By augmenting an overly small chin or reducing a disproportionately large one, chin remodeling can bring your features into better, more attractive balance.
About chin remodeling
Real beauty depends far more on a graceful balance of all your features than on the shape of any one feature alone. For example, a perfect nose can appear too large if the chin is excessively small. At the same time, an overly large chin can spoil the harmony of otherwise attractive features.
Chin remodeling, whether it takes the form of reduction or augmentation, can help bring all your features into better balance.
- Chin reduction is accomplished either by reshaping the bone with a burr to produce a smooth contour or by removing a small piece of bone and repositioning the chin. This process is referred to a reduction genioplasty.
- Chin augmentation increases the size of the chin either through the use of an implant, or by removing a section of bone, moving it forward and fixing it into position. This second technique is called sliding genioplasty, and can also be used for a vertical adjustments of facial dimensions.
- It is not uncommon for either of these procedures to be performed in conjunction with a face lift or nose reshaping.
A central consideration in deciding whether chin remodeling is appropriate is whether dental occlusion (the way your teeth meet) is correct. If it is not, orthognatic surgery supported by orthodontic preparation may be needed. This process can take as much as two years.
In most cases, however, dental occlusion is satisfactory and the appearance of the chin can be dealt with by remodeling alone.
At your consultation, your surgeon will take a general medical history and ask you about your goals for your procedure. He will also describe the various options available, and help you determine which will be right for you.
Your operation – what to expect
Both chin reduction and chin augmentation are usually performed under general anaesthesia. Typically they are done as day cases.
Both procedures may be performed either through an incision inside the mouth or one placed under the chin. If the procedure is being done at the same time as a face lift or neck lift, the incision will most likely be placed under the chin and also used as access for the neck rejuvenation.
In the case of chin augmentation, an implant may be used or the bone may be reshaped.
- When an implant is used, chin tissues are first freed from the bone. The implant is then placed, adjusted as needed and fixed to the bone with two titanium screws. The chin tissues are then reattached over the implant and your wounds are closed with absorb-able stitches.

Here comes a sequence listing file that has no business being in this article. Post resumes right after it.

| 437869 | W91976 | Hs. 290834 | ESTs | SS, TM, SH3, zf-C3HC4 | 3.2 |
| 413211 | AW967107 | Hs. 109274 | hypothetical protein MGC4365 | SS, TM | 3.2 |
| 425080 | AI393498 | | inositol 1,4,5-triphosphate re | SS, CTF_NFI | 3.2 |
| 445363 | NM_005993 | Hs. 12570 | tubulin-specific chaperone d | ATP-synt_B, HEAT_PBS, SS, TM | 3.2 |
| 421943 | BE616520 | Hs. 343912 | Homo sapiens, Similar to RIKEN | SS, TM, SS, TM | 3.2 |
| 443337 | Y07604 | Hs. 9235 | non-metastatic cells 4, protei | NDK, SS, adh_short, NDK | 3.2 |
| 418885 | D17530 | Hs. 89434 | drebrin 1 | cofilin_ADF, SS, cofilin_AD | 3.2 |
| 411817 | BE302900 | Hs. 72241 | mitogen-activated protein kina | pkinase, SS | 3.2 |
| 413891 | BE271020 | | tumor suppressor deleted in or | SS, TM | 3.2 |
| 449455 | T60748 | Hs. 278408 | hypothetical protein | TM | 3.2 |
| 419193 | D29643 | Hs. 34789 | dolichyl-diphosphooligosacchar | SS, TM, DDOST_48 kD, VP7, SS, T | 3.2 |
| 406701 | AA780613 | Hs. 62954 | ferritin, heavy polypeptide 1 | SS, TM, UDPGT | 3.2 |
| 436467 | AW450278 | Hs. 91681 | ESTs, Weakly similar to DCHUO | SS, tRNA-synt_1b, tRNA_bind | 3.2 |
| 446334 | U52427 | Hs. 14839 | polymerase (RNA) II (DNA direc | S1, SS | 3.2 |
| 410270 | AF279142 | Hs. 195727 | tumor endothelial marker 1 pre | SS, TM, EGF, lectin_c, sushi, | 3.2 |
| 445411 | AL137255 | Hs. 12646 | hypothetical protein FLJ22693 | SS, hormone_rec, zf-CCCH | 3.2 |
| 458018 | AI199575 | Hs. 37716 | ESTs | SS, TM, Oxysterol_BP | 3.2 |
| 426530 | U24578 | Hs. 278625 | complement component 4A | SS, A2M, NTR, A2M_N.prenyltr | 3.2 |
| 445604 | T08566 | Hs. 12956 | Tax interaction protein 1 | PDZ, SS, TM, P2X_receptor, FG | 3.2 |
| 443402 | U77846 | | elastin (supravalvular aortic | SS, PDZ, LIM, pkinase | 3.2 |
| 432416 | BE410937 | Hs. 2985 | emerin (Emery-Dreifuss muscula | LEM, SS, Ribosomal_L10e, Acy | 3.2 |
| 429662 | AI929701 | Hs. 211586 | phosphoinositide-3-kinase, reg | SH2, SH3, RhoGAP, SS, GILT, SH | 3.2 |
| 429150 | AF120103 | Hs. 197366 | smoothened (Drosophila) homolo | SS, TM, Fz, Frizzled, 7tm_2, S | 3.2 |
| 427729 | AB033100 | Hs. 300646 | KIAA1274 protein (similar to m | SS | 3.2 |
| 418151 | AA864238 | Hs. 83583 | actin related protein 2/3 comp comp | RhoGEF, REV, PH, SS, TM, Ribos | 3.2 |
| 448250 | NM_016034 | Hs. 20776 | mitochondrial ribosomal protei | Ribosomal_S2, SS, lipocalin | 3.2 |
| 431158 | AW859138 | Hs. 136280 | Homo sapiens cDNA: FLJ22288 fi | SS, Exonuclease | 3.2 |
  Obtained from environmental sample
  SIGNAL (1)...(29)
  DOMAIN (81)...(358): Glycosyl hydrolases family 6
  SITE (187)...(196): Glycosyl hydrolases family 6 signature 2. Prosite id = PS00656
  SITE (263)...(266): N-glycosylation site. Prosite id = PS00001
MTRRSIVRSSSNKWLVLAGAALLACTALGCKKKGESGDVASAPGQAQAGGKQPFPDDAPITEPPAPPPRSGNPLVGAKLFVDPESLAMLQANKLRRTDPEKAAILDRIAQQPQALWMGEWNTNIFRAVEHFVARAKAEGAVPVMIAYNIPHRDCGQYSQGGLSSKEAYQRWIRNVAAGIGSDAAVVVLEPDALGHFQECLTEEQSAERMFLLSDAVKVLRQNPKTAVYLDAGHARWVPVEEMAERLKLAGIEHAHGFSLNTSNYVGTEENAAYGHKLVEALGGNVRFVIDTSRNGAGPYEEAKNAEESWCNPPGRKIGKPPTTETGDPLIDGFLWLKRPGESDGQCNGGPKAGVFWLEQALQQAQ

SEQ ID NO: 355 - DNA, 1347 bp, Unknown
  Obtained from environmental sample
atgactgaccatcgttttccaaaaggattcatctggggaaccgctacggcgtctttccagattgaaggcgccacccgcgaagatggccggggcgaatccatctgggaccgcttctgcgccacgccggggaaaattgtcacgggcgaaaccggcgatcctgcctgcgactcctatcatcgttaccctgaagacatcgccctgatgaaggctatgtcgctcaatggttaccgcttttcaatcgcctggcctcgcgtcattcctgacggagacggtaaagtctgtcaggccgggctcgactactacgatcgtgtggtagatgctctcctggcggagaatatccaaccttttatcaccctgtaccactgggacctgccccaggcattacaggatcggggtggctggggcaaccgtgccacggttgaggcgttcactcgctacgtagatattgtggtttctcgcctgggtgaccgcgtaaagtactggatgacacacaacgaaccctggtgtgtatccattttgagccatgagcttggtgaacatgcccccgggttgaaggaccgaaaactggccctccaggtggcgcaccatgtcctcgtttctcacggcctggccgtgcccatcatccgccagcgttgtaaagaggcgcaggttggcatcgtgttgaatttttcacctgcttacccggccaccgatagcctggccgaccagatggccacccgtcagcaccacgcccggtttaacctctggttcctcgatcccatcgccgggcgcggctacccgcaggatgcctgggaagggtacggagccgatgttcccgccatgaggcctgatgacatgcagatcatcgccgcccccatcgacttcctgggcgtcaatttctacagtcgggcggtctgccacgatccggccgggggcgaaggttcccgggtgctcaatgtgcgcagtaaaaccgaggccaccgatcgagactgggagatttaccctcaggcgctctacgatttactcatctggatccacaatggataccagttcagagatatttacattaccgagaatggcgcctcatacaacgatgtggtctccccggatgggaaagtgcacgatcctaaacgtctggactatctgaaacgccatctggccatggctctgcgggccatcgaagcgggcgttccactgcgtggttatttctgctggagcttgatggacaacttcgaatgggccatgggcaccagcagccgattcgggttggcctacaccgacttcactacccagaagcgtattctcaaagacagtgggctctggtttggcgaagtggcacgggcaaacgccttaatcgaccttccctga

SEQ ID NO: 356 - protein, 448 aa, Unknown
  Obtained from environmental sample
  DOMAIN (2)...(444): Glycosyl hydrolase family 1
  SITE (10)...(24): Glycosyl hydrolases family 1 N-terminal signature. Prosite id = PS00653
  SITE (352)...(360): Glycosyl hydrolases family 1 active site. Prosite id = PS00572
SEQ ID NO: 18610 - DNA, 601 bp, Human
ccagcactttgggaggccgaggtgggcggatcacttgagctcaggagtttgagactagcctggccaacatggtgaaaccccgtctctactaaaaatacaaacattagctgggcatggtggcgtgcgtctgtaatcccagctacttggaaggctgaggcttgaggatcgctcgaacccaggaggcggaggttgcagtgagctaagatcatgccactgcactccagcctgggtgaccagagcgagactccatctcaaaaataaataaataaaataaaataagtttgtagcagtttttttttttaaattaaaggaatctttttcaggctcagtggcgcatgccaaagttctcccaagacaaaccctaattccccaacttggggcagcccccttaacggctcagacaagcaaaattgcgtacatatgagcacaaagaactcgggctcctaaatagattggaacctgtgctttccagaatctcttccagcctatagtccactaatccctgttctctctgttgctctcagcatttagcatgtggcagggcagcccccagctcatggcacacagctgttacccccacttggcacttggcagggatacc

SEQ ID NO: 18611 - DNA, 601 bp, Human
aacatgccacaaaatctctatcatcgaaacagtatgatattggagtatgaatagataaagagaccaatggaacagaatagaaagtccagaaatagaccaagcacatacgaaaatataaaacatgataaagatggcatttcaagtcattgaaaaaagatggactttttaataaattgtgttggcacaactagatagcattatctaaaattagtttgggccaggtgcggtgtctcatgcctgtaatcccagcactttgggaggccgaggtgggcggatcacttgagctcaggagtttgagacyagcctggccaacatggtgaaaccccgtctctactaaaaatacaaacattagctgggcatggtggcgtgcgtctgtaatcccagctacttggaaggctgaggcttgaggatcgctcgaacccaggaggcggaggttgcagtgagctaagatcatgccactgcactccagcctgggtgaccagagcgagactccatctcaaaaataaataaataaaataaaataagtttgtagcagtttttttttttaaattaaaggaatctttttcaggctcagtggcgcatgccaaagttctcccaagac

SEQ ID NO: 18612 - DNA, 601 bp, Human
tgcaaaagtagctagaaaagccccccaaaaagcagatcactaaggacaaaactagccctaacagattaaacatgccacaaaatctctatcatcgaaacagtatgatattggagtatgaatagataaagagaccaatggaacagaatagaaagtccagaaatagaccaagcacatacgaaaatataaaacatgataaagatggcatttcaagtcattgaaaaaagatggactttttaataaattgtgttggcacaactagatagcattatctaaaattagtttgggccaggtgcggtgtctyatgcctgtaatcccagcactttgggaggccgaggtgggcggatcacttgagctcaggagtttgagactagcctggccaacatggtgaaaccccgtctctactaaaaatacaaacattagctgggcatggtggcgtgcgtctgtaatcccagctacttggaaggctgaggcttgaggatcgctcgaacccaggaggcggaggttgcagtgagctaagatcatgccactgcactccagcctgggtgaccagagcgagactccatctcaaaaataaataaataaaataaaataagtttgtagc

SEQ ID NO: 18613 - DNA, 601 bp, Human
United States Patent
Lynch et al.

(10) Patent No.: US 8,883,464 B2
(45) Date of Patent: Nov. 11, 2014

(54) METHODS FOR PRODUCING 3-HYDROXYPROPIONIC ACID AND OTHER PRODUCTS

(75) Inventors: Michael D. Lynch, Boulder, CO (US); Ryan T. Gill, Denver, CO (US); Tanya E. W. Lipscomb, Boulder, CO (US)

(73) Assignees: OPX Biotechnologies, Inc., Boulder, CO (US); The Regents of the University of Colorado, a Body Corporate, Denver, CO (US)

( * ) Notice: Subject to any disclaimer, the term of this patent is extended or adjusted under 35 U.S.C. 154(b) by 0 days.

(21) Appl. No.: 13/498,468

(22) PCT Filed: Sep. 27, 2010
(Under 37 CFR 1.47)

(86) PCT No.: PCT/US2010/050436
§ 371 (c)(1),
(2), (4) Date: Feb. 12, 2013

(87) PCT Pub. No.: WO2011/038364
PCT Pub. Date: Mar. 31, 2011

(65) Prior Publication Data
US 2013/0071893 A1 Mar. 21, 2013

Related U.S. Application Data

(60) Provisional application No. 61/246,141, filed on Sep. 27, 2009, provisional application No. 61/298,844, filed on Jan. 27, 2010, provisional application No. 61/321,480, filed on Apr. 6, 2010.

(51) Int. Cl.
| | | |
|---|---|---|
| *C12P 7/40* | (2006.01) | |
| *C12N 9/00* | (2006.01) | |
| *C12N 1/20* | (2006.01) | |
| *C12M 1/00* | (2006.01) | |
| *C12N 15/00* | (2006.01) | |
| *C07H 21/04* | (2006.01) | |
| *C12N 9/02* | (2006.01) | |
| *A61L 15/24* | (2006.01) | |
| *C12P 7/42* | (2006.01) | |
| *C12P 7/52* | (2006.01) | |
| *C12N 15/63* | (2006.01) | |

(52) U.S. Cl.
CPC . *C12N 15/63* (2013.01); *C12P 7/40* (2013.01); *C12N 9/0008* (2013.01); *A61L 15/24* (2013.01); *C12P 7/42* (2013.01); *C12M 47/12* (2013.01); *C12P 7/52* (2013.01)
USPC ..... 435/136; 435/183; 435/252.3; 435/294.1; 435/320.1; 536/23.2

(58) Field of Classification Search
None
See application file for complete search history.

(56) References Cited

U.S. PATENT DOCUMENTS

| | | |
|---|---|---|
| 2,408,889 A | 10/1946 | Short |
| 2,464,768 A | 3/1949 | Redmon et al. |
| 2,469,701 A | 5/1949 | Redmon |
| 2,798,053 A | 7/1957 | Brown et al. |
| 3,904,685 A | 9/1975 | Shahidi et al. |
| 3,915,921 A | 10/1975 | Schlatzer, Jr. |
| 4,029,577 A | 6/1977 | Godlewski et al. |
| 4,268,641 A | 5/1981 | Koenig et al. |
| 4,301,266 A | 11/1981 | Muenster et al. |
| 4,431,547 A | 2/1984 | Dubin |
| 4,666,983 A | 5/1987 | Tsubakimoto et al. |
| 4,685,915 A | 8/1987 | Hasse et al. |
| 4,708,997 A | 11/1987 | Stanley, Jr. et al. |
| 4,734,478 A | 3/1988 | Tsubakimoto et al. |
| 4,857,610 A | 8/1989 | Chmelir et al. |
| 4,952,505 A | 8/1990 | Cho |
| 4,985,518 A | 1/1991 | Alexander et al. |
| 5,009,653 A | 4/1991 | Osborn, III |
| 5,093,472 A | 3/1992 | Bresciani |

- If the bones are to be reshaped, a horizontal wedge of bone is removed from the lower part of the chin, moved forward and fixed into its new position.
In the case of chin reduction the bone may be burred down or actually cut.
- Working from side to side, the surgeon may burr down the chin bone to a smoother, more pleasing contour.
- Alternatively, he may remove a wedge of bone just over the chin point. The chin is then repositioned slightly back and higher up to produce a chin in better harmony with your other features.
After your surgery
You will need to arrange for an adult to accompany you home and stay with you through the first night. As you recover, there are several things you should know:
- If your surgery was done through incisions inside your mouth you will need to stick to a soft diet for the first week so your wounds can heal properly. Chewing can cause your suture line to break and lead
- Swelling is to be expected for the first seven to ten days. This swelling will reduce more quickly if you use a chin-neck elastic garment.
- A course of antibiotics and painkillers will be prescribed for you. It is important that you do not take aspirin as it can promote bleeding.
- Even if you have incisions (cuts) inside your mouth it is advisable to continue brushing your teeth regularly. A soft toothbrush is best for the first two weeks. You will also need to rinse with an antiseptic mouthwash four times a day.
- You should plan on taking two weeks away from work to allow your bruises to clear and your chin to settle sufficiently so you are comfortable with it.
- Infection caused by a breakdown of incisions within the mouth can be problematic, particularly if there is an implant. If this happens, it is often wiser to remove the implant to promote control of the infection,
then repeat the procedure three to four months later.
- The nerves that give feeling to the lower lip travel through the jawbone and emerge on either side of the chin. Very rarely, these nerves may be damaged during surgery, usually leading to temporarily numbness in the lower lip.